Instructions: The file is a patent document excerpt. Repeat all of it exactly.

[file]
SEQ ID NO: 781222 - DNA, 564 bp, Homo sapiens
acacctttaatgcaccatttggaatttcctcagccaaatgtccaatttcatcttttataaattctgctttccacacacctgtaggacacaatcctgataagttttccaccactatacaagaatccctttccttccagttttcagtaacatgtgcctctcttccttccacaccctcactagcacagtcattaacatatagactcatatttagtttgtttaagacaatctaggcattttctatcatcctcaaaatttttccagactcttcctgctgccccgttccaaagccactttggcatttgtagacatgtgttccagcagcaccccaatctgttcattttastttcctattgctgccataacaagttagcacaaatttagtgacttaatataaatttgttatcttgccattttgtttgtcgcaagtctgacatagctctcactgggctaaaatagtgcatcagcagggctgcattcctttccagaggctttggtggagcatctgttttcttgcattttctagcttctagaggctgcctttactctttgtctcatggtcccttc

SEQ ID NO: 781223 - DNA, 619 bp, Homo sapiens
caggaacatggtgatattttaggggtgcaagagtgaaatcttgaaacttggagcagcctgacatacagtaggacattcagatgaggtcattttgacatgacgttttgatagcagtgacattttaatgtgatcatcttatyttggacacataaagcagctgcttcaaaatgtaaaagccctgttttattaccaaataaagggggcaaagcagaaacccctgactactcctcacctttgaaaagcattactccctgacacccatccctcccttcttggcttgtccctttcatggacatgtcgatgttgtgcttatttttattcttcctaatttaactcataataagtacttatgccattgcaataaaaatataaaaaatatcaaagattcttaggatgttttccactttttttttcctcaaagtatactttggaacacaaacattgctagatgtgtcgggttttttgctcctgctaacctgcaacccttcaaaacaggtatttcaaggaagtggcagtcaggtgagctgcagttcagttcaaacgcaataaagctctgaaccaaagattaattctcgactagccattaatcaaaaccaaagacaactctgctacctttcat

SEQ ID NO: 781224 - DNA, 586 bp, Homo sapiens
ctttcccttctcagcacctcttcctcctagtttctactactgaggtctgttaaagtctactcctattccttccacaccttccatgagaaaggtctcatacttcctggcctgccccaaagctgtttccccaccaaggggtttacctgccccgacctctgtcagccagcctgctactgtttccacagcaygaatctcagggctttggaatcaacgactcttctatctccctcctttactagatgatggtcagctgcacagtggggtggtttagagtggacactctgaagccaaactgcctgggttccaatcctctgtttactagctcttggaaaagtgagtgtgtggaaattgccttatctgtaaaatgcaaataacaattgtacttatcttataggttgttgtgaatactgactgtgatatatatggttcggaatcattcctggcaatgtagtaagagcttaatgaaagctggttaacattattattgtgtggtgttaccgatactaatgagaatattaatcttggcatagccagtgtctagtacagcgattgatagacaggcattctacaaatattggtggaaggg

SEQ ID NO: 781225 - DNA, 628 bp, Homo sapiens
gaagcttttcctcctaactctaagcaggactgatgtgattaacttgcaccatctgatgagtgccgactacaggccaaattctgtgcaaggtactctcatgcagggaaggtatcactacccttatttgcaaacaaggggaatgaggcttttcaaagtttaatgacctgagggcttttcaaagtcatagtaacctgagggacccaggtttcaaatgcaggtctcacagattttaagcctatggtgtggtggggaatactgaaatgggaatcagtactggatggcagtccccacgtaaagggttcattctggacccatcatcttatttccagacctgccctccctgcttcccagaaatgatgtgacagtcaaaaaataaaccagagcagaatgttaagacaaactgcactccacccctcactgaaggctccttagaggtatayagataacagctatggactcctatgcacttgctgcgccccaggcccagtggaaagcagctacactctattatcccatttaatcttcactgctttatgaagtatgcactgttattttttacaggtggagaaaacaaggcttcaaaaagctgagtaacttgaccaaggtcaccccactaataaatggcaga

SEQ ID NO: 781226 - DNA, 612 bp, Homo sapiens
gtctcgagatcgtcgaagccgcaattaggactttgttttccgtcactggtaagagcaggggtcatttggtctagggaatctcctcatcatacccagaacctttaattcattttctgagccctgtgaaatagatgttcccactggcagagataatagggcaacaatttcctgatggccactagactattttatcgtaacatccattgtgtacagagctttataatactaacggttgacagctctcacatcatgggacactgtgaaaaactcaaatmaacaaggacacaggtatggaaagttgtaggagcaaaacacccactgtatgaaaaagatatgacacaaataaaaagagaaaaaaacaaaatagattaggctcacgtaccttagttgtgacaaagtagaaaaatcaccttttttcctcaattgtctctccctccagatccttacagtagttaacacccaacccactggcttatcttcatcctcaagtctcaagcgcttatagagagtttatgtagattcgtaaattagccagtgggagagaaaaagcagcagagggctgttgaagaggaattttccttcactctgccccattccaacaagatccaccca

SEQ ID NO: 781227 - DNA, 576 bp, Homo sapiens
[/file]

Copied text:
SEQ ID NO: 781222 - DNA, 564 bp, Homo sapiens
acacctttaatgcaccatttggaatttcctcagccaaatgtccaatttcatcttttataaattctgctttccacacacctgtaggacacaatcctgataagttttccaccactatacaagaatccctttccttccagttttcagtaacatgtgcctctcttccttccacaccctcactagcacagtcattaacatatagactcatatttagtttgtttaagacaatctaggcattttctatcatcctcaaaatttttccagactcttcctgctgccccgttccaaagccactttggcatttgtagacatgtgttccagcagcaccccaatctgttcattttastttcctattgctgccataacaagttagcacaaatttagtgacttaatataaatttgttatcttgccattttgtttgtcgcaagtctgacatagctctcactgggctaaaatagtgcatcagcagggctgcattcctttccagaggctttggtggagcatctgttttcttgcattttctagcttctagaggctgcctttactctttgtctcatggtcccttc

SEQ ID NO: 781223 - DNA, 619 bp, Homo sapiens
caggaacatggtgatattttaggggtgcaagagtgaaatcttgaaacttggagcagcctgacatacagtaggacattcagatgaggtcattttgacatgacgttttgatagcagtgacattttaatgtgatcatcttatyttggacacataaagcagctgcttcaaaatgtaaaagccctgttttattaccaaataaagggggcaaagcagaaacccctgactactcctcacctttgaaaagcattactccctgacacccatccctcccttcttggcttgtccctttcatggacatgtcgatgttgtgcttatttttattcttcctaatttaactcataataagtacttatgccattgcaataaaaatataaaaaatatcaaagattcttaggatgttttccactttttttttcctcaaagtatactttggaacacaaacattgctagatgtgtcgggttttttgctcctgctaacctgcaacccttcaaaacaggtatttcaaggaagtggcagtcaggtgagctgcagttcagttcaaacgcaataaagctctgaaccaaagattaattctcgactagccattaatcaaaaccaaagacaactctgctacctttcat

SEQ ID NO: 781224 - DNA, 586 bp, Homo sapiens
ctttcccttctcagcacctcttcctcctagtttctactactgaggtctgttaaagtctactcctattccttccacaccttccatgagaaaggtctcatacttcctggcctgccccaaagctgtttccccaccaaggggtttacctgccccgacctctgtcagccagcctgctactgtttccacagcaygaatctcagggctttggaatcaacgactcttctatctccctcctttactagatgatggtcagctgcacagtggggtggtttagagtggacactctgaagccaaactgcctgggttccaatcctctgtttactagctcttggaaaagtgagtgtgtggaaattgccttatctgtaaaatgcaaataacaattgtacttatcttataggttgttgtgaatactgactgtgatatatatggttcggaatcattcctggcaatgtagtaagagcttaatgaaagctggttaacattattattgtgtggtgttaccgatactaatgagaatattaatcttggcatagccagtgtctagtacagcgattgatagacaggcattctacaaatattggtggaaggg

SEQ ID NO: 781225 - DNA, 628 bp, Homo sapiens
gaagcttttcctcctaactctaagcaggactgatgtgattaacttgcaccatctgatgagtgccgactacaggccaaattctgtgcaaggtactctcatgcagggaaggtatcactacccttatttgcaaacaaggggaatgaggcttttcaaagtttaatgacctgagggcttttcaaagtcatagtaacctgagggacccaggtttcaaatgcaggtctcacagattttaagcctatggtgtggtggggaatactgaaatgggaatcagtactggatggcagtccccacgtaaagggttcattctggacccatcatcttatttccagacctgccctccctgcttcccagaaatgatgtgacagtcaaaaaataaaccagagcagaatgttaagacaaactgcactccacccctcactgaaggctccttagaggtatayagataacagctatggactcctatgcacttgctgcgccccaggcccagtggaaagcagctacactctattatcccatttaatcttcactgctttatgaagtatgcactgttattttttacaggtggagaaaacaaggcttcaaaaagctgagtaacttgaccaaggtcaccccactaataaatggcaga

SEQ ID NO: 781226 - DNA, 612 bp, Homo sapiens
gtctcgagatcgtcgaagccgcaattaggactttgttttccgtcactggtaagagcaggggtcatttggtctagggaatctcctcatcatacccagaacctttaattcattttctgagccctgtgaaatagatgttcccactggcagagataatagggcaacaatttcctgatggccactagactattttatcgtaacatccattgtgtacagagctttataatactaacggttgacagctctcacatcatgggacactgtgaaaaactcaaatmaacaaggacacaggtatggaaagttgtaggagcaaaacacccactgtatgaaaaagatatgacacaaataaaaagagaaaaaaacaaaatagattaggctcacgtaccttagttgtgacaaagtagaaaaatcaccttttttcctcaattgtctctccctccagatccttacagtagttaacacccaacccactggcttatcttcatcctcaagtctcaagcgcttatagagagtttatgtagattcgtaaattagccagtgggagagaaaaagcagcagagggctgttgaagaggaattttccttcactctgccccattccaacaagatccaccca

SEQ ID NO: 781227 - DNA, 576 bp, Homo sapiens